Ethics Opinion Opens Door for Coupon Legal Offerings in NY
Back to all blog posts
Marketing legal services has never been a more uncertain proposition as the Internet creates a multitude of new and inventive ways to target potential clients. We recently told you about a group of Florida lawyers who are marketing their services in a shopping mall kiosk. Now, the New York State Bar Association Committee on Professional Ethics has given the green light for attorneys to offer their services through online coupon sites like Groupon.com, LivingSocial.com, and others.
Coupon websites have created an effective niche marketing tool for many companies, so it’s no surprise that legal services are now the subject of online coupons. But these innovations – like the first television and phone book ads for legal services – create an uneasiness for many attorneys who sincerely believe the profession is demeaned by selling their services in the same manner used for pedicures or spa treatments.
Not surprisingly, though, the authors of the New York ethics rule did what lawyers are supposed to do – dispassionately analyze the facts in light of applicable rules and law in order to reach a conclusion that will provide guidance to members of the New York Bar. In its four-page opinion, the Bar decided that the money paid by lawyers to publicize their online coupons does not constitute an improper referral fee since it essentially is a form of advertising (which, incidentally, cannot be banned by state bar associations under the First Amendment and longstanding decisions of the U.S. Supreme Court). The opinion further notes that coupon ads, like any other lawyer advertisements, must not be false, deceptive or misleading and sets forth other restrictions that also are required of all other “normal” lawyer ads.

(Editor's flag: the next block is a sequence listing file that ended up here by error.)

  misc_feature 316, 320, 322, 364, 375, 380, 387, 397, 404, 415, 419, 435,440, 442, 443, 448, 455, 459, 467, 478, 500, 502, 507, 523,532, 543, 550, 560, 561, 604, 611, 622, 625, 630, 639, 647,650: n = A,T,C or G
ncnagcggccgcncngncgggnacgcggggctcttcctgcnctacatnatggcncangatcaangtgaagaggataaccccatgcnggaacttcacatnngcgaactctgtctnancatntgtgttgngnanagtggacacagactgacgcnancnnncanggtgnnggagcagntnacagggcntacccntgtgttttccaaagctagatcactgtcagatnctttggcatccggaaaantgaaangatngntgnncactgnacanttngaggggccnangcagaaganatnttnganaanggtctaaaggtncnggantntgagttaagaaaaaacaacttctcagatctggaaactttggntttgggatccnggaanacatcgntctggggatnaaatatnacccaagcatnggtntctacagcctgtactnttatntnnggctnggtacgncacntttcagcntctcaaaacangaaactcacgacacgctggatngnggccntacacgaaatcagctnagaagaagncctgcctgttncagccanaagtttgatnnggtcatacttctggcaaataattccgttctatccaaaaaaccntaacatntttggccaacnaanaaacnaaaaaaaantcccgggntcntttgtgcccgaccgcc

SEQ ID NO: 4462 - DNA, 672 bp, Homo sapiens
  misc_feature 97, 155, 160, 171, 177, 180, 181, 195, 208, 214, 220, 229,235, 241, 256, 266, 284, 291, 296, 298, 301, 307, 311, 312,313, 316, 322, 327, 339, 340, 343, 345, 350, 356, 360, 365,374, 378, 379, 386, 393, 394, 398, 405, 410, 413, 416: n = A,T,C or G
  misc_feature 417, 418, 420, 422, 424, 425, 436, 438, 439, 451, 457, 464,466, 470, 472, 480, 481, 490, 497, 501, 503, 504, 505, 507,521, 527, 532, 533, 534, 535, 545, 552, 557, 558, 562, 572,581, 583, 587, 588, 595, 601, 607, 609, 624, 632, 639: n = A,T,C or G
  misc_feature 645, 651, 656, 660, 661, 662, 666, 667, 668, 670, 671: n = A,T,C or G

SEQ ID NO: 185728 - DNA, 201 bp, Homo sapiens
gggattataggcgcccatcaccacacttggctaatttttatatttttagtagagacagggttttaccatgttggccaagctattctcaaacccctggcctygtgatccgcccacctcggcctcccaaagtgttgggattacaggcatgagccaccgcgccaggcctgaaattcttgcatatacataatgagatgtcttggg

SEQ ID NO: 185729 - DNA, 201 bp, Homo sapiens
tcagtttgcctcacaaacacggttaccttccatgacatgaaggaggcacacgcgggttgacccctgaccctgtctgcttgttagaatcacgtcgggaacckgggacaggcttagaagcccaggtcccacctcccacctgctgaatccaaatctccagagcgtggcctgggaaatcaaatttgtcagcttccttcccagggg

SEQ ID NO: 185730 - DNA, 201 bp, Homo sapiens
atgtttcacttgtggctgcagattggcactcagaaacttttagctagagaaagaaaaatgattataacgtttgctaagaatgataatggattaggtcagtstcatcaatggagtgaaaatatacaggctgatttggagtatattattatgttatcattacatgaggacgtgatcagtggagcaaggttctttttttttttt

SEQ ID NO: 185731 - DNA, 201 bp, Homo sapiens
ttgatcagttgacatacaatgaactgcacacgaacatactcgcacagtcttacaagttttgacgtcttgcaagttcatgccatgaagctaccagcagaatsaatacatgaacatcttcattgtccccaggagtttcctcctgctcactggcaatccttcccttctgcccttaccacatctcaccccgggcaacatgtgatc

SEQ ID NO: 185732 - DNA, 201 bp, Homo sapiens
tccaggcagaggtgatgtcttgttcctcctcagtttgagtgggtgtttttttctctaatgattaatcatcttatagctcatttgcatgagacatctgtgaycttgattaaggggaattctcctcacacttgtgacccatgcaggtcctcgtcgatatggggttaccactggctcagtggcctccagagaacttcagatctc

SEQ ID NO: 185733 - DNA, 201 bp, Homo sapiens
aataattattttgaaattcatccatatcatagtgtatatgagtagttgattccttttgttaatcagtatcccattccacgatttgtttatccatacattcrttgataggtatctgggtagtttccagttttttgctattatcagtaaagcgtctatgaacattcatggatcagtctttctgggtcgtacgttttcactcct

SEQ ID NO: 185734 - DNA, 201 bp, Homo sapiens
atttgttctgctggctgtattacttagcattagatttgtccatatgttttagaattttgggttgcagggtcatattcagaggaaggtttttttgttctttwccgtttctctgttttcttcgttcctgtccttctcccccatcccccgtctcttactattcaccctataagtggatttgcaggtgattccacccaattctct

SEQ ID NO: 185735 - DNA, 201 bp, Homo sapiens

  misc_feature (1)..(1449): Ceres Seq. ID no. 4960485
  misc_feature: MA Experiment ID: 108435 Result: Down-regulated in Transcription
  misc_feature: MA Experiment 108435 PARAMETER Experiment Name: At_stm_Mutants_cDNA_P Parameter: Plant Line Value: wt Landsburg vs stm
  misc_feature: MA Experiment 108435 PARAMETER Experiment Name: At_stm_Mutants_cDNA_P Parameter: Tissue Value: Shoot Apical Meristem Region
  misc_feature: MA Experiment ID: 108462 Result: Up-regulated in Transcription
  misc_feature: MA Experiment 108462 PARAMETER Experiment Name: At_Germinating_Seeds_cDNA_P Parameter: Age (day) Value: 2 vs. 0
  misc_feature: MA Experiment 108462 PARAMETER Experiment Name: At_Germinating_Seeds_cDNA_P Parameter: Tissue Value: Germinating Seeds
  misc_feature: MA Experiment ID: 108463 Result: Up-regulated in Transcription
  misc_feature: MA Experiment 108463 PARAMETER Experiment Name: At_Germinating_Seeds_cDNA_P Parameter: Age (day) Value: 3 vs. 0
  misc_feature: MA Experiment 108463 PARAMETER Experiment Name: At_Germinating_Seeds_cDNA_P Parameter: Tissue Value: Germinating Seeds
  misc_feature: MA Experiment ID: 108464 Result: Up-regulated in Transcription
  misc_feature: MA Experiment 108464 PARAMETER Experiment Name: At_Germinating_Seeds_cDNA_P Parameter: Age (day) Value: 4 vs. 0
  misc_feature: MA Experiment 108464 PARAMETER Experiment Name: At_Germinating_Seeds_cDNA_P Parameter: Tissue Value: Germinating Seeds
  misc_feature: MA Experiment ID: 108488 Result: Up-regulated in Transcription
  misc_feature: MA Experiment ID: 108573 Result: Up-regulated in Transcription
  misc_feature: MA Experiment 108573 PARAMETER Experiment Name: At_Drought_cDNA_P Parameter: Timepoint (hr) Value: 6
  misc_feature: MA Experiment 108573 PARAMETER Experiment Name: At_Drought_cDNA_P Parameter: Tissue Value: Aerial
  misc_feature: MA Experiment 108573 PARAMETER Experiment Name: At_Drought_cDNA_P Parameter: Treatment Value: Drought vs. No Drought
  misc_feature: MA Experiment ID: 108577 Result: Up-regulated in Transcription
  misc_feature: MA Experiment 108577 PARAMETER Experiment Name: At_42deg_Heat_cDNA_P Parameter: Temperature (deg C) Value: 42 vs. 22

This is not the last time that bar associations will have to wrestle with how or whether to regulate attorney advertising given the plethora of options presented by the digital age. But as long as those ads meet the basic standard of the ad rules – namely, to protect the public from false, deceptive and misleading advertising – we will certainly continue to see lawyers seeking clients in new and unexpected ways.
Posted: 2/3/2012 12:00:00 AM by
Angie Olson | with 0 comments
About This Blog
Thanks for stopping by On the Merits, the first blog from the Texas Center for Legal Ethics. On the Merits will take a close look at significant legal stories with an eye toward addressing the legal myths and misconceptions that turn up in news stories, movies, TV programs, websites, anonymous emails and other forms of mass communications. Our goal at On the Merits is to provide readers with a thoughtful examination of what the media and others are saying about the legal profession and to apply the frequently-absent context of how the legal system actually works.
Subscribe to this Blog